Russian Patriarch Observes Virgin's Assumption, Unveils Lost Icon

Russian Orthodox leader Patriarch Kirill marked the Virgin Mary's Assumption Day on Saturday with a service in the Kremlin that included the unveiling of an icon of Christ that had been covered for nearly 70 years.

Kirill conducted the liturgy at the historic Dormition Cathedral, built in the 15th century, and congratulated those gathered "on the great holiday – the glory of the Mother of God," according to Itar-Tass News.

The Feast of the Assumption of the Holy Mother of God is one of the most notable occasions on the Orthodox calendar, which has eight celebrations in honor of Christ and four in honor of Mary.

According to accounts from early believers, Mary was taken up to heaven by Christ Himself in the presence of all the Lord's disciples, except Thomas.

Since Mary did not die a physical death, the occasion was described as dormition, which means sleep.

"[Mary] lived a very modest and unnoticeable life, by human standards. But by way of her life God summed up some results and marked her death with human and divine glory through departure of both her soul and body from earth to heaven," Kirill said during the service.

Following the liturgy, Kirill and Russian President Dmitry Medvedev walked to the Kremlin's Spasskaya Tower, or Savior Tower, to restore an icon of Christ that had been hidden during Bolshevik rule.

It is believed that the Bolsheviks had used the icon for target practice with their canons although they allegedly missed every shot.

The Spasskaya tower holds special significance for Russians, who believe that it has miraculous powers to protect the Kremlin from enemy invasion. Customarily, those who pass under the tower remove their hats and cross themselves as a show of respect.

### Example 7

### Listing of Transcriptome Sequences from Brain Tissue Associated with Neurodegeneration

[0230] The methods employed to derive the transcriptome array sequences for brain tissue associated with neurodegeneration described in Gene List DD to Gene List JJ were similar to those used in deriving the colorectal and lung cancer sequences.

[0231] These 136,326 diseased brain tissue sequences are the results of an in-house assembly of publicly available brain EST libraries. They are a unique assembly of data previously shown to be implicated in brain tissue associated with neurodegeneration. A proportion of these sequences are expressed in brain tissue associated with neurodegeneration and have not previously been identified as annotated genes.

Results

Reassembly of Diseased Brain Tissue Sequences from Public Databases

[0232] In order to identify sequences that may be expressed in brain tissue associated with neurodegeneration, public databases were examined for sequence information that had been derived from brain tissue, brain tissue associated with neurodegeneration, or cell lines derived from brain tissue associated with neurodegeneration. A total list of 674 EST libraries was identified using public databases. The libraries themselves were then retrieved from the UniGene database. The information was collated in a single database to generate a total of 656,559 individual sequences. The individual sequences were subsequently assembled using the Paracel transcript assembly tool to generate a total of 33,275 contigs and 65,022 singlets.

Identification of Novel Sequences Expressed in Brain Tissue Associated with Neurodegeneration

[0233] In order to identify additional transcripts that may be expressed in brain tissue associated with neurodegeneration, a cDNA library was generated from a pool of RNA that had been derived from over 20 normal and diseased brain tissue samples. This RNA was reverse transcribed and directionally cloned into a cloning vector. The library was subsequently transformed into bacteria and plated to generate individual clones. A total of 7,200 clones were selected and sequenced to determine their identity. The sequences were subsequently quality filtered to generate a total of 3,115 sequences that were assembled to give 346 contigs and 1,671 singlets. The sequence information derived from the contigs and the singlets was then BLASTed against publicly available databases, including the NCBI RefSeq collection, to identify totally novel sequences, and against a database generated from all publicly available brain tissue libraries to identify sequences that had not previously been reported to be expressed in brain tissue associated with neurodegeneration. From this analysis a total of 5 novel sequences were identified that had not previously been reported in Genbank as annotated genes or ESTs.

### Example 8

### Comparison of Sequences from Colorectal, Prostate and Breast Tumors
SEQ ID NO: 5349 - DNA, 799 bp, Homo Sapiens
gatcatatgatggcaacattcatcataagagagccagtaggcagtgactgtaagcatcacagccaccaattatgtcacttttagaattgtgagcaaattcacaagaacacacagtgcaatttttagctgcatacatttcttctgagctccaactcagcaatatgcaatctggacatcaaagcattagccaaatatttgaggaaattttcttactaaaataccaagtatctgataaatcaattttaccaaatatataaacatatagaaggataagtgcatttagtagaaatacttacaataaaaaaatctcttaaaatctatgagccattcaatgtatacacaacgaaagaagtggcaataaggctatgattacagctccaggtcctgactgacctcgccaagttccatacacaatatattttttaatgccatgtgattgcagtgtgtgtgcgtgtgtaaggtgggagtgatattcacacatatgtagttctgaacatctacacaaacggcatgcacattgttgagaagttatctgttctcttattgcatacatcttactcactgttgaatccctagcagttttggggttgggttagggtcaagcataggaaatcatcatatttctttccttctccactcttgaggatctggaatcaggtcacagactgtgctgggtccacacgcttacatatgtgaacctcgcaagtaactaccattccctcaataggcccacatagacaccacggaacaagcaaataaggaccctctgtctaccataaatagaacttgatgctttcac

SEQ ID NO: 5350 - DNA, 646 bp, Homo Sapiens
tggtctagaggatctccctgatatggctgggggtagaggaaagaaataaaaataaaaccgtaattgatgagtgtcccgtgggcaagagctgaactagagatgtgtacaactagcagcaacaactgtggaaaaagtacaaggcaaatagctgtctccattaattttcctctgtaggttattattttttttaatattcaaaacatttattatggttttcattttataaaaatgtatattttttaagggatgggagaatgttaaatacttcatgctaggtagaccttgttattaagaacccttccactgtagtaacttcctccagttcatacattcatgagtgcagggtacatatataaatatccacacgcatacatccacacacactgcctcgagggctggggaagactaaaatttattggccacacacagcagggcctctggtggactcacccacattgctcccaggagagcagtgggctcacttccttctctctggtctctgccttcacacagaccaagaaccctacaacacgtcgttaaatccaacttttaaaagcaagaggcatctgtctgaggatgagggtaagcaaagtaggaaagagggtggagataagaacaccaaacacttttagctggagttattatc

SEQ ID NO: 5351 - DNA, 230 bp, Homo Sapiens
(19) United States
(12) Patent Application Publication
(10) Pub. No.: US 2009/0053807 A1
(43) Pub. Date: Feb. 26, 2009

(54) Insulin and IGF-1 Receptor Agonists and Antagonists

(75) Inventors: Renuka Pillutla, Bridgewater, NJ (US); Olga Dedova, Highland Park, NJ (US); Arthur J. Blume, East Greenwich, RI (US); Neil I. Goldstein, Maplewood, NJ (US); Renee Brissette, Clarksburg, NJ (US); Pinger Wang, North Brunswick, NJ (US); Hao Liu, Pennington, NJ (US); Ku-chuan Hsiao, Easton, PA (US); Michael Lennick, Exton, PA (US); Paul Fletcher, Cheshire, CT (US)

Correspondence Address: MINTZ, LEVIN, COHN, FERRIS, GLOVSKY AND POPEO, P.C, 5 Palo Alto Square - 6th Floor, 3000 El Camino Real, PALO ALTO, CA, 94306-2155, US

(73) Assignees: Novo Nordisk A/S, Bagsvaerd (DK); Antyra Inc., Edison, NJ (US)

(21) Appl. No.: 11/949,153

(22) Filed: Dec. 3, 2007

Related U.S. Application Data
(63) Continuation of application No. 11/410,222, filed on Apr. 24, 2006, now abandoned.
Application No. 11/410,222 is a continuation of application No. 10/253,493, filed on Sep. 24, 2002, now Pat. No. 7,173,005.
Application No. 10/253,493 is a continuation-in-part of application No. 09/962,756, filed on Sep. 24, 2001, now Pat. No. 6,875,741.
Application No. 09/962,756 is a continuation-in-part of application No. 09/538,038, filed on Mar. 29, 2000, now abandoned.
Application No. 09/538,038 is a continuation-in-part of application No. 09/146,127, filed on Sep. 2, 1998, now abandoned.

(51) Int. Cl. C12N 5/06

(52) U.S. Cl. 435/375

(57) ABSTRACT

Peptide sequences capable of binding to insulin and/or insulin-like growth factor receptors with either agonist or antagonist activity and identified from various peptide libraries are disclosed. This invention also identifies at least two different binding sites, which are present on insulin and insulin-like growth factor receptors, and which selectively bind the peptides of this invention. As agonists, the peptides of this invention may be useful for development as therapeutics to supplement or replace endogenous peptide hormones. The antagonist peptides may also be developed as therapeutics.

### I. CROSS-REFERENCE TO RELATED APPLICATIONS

"We must remember those who assisted and helped in the restoration of this icon, including those who in a very difficult hour for this country - a period of godlessness, a period of hard times - risked not only their positions but their lives to save this wonder," Medvedev said during the ceremony, according to Reuters.

"Now that we've gotten the icon back, our country secures an additional defense," he added.

The ceremony is another display of the proximity that the Russian Orthodox Church has had with the country's government – a trend that some Russians have been uneasy about.

In May, Kirill, Medvedev and Ecumenical Patriarch Bartholomew I held a meeting to strengthen relationships between Russia and the Orthodox Church.

Bartholomew praised Medvedev for the cooperation saying that he, "rejoice[s] in the good relations and cooperation existing between the state and the Russian Church."

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